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Ivo van Hove’s “A View from the Bridge” on stage in Washington D.C.

Ivo van Hove’s “A View from the Bridge” on stage in Washington D.C. from November 18 until December 3

Fri, Nov 18 - Sat, Dec 3  2016

The Kennedy Center - Washington Embassy Region

Ivo van Hove‘s “A View from the Bridge”, that won three Olivier Awards and two Tony Awards for ‘Best Revival of a Play’ and ‘Best Director’ is on stage at The John F. Kennedy Center for the Performing Arts in Washington D.C. from November 18 until December 3. 

This adaptation of Arthur Miller’s tragic masterpiece confronts the American dream, telling a dark and passionate tale. The story is set in the working-class neighborhood of Red Hook in Brooklyn, New York. Many of its community members are longshoremen (dockworkers who load and unload ships) and their families, who immigrated to the United States from Italy. A lawyer named Alfieri narrates the action. He works with the people of Red Hook and is particularly moved by the story of longshoreman Eddie Carbone. Eddie and his wife Beatrice have raised their niece, Catherine, as their own daughter. She is now 17 and excited to enter the adult world, despite Eddie’s strong desire to keep her from leaving home. Beatrice’s cousins, Marco and Rodolpho, arrive illegally from Italy. At first, the family is eager to help the cousins adjust to life in the United States, but Eddie becomes hostile and obsessive when one of the cousins shows a romantic interest in Catherine. Eddie’s jealous mistrust exposes a deep, unspeakable secret – one that drives him to commit the ultimate betrayal, that consumes him, his family, and his world. 

“A View From the Bridge,” said Ben Brantley of The New York Times, “…must be what Greek tragedy once felt like, when people went to the theater in search of catharsis…You also feel ridiculously blessed to have been a witness…”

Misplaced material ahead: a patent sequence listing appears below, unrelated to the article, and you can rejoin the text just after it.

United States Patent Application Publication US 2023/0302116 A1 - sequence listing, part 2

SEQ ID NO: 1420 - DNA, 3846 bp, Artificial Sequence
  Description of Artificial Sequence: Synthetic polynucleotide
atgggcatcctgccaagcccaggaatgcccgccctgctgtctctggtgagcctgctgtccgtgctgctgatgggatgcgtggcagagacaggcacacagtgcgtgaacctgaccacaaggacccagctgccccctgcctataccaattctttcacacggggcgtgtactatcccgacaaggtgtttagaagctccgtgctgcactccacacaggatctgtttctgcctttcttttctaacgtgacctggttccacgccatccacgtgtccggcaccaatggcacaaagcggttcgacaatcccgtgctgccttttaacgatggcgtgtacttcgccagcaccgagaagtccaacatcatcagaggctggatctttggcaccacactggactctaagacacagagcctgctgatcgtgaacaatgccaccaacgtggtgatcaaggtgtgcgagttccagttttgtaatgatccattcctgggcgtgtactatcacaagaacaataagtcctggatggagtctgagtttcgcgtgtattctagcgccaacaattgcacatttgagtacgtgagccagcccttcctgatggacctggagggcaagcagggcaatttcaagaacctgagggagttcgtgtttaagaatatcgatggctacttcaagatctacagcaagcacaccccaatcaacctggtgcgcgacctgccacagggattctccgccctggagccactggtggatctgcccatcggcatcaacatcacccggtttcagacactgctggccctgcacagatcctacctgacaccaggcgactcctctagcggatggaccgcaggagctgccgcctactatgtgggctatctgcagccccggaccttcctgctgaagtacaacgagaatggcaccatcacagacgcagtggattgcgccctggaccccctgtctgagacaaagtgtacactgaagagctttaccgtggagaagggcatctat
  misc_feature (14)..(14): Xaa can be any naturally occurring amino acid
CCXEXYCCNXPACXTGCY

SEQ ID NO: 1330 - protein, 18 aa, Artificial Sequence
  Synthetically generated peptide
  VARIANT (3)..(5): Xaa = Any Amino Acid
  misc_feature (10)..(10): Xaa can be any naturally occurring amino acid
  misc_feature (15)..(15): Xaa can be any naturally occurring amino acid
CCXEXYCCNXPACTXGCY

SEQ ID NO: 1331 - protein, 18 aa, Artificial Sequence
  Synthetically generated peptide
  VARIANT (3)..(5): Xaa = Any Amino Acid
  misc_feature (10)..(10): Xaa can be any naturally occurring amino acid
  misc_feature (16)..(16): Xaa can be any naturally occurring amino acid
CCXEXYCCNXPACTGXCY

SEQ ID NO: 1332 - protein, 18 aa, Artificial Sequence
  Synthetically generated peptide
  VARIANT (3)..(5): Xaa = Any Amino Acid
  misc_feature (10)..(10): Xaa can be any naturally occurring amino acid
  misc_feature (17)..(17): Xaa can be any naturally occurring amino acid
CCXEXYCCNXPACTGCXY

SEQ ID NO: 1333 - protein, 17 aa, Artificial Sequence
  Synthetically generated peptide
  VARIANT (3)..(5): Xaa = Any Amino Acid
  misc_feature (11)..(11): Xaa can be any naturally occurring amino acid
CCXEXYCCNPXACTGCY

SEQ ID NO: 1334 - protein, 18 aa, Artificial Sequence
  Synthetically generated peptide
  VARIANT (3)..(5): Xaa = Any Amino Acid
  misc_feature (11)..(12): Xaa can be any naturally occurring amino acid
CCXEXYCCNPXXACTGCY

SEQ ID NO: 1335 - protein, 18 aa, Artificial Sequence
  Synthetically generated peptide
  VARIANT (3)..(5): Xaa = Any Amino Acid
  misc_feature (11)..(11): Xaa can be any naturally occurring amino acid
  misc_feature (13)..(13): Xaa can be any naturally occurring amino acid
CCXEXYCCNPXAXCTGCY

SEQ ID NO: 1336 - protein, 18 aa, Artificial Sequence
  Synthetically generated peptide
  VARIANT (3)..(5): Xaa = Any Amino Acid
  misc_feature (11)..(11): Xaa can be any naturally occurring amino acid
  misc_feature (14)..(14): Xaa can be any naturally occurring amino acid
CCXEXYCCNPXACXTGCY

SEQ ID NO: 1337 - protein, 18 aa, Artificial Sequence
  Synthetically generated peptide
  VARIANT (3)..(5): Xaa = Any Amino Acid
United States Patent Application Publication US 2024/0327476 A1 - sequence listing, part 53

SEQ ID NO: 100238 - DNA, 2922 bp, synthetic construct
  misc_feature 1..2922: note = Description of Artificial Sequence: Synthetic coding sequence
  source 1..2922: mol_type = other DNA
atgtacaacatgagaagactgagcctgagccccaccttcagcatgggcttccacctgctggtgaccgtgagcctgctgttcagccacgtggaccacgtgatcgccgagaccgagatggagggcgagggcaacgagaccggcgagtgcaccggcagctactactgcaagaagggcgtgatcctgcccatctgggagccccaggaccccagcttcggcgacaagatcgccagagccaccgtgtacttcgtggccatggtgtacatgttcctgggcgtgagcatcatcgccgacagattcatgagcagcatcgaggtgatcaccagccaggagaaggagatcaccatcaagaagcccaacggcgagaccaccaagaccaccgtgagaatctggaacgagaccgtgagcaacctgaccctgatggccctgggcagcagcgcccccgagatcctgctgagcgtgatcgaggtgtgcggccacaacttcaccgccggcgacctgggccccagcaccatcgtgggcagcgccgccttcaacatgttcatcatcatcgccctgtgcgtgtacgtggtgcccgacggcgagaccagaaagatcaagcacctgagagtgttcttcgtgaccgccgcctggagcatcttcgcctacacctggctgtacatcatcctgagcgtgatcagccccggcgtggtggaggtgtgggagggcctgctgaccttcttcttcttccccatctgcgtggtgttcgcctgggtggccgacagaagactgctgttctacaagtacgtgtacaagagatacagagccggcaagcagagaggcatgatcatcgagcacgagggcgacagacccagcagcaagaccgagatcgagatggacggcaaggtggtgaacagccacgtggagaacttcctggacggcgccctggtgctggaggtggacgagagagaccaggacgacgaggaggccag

“Breathe, everybody, breathe!” said Marilyn Stasio of Variety. “Audiences really need to be reminded of that at the end of Ivo van Hove’s magnificent production…” “The tension never dips as the show heads toward the kind of mind-blowing climax that’s the stuff of Broadway legend,” said Elisabeth Vincentelli of the New York Post.

This production of Miller’s classic was first presented at the Young Vic in 2014, then transferred to the West End in 2015, before openening on Broadway in November 2015 for a limited run that closed this past February. Following the run at the Ahmanson Theatre, Center Theatre Group will tour this production to the Kennedy Center for an engagement in the Eisenhower Theater which will play from November 18 through December 3, 2016.

Buy tickets for “A View From the Bridge” here

About Arthur Miller

Miller is known for making ordinary, working-class people the heroes of his stories. His plays are extremely political; he wants audiences to think about how individuals and families are impacted by what is happening in the world around them. You may be familiar with some of Miller’s other famous plays, which include The Crucible and Death of a Salesman. A View From the Bridge is based on a true story that was told to Miller. It was also inspired by events in his own life, including his romantic relationship with Marilyn Monroe and his refusal to name names during the 1950s McCarthy-era communist witch hunts in the U.S.

About Ivo van Hove 

Belgian born Ivo van Hove has been the director of Toneelgroep Amsterdam since 2001. He is known for taking classics and reinventing them for today’s world. For van Hove, this means figuring out what will be most meaningful for the audience. His version of A View From the Bridge strips the play of its 1950s details in order to give the story a timeless quality. The stage is nearly empty. Characters go barefoot and wear neutral, modern clothing. Van Hove uses modern music and dramatic lighting to create the mood of the play and to reveal the emotions at the center of the story. ‘Ivo van Hove’s work has been groundbreaking in opening up  audiences’ understanding of classic texts and films. His work is unique, raw, shocking, surprising, hilarious – everything you want theatre to be – and he doesn’t shy away from the ugly or the profane. In a word, stunning, with a capital ‘S’.’ Cate Blanchett

Photo by Jan Versweyveld

DutchCulture USA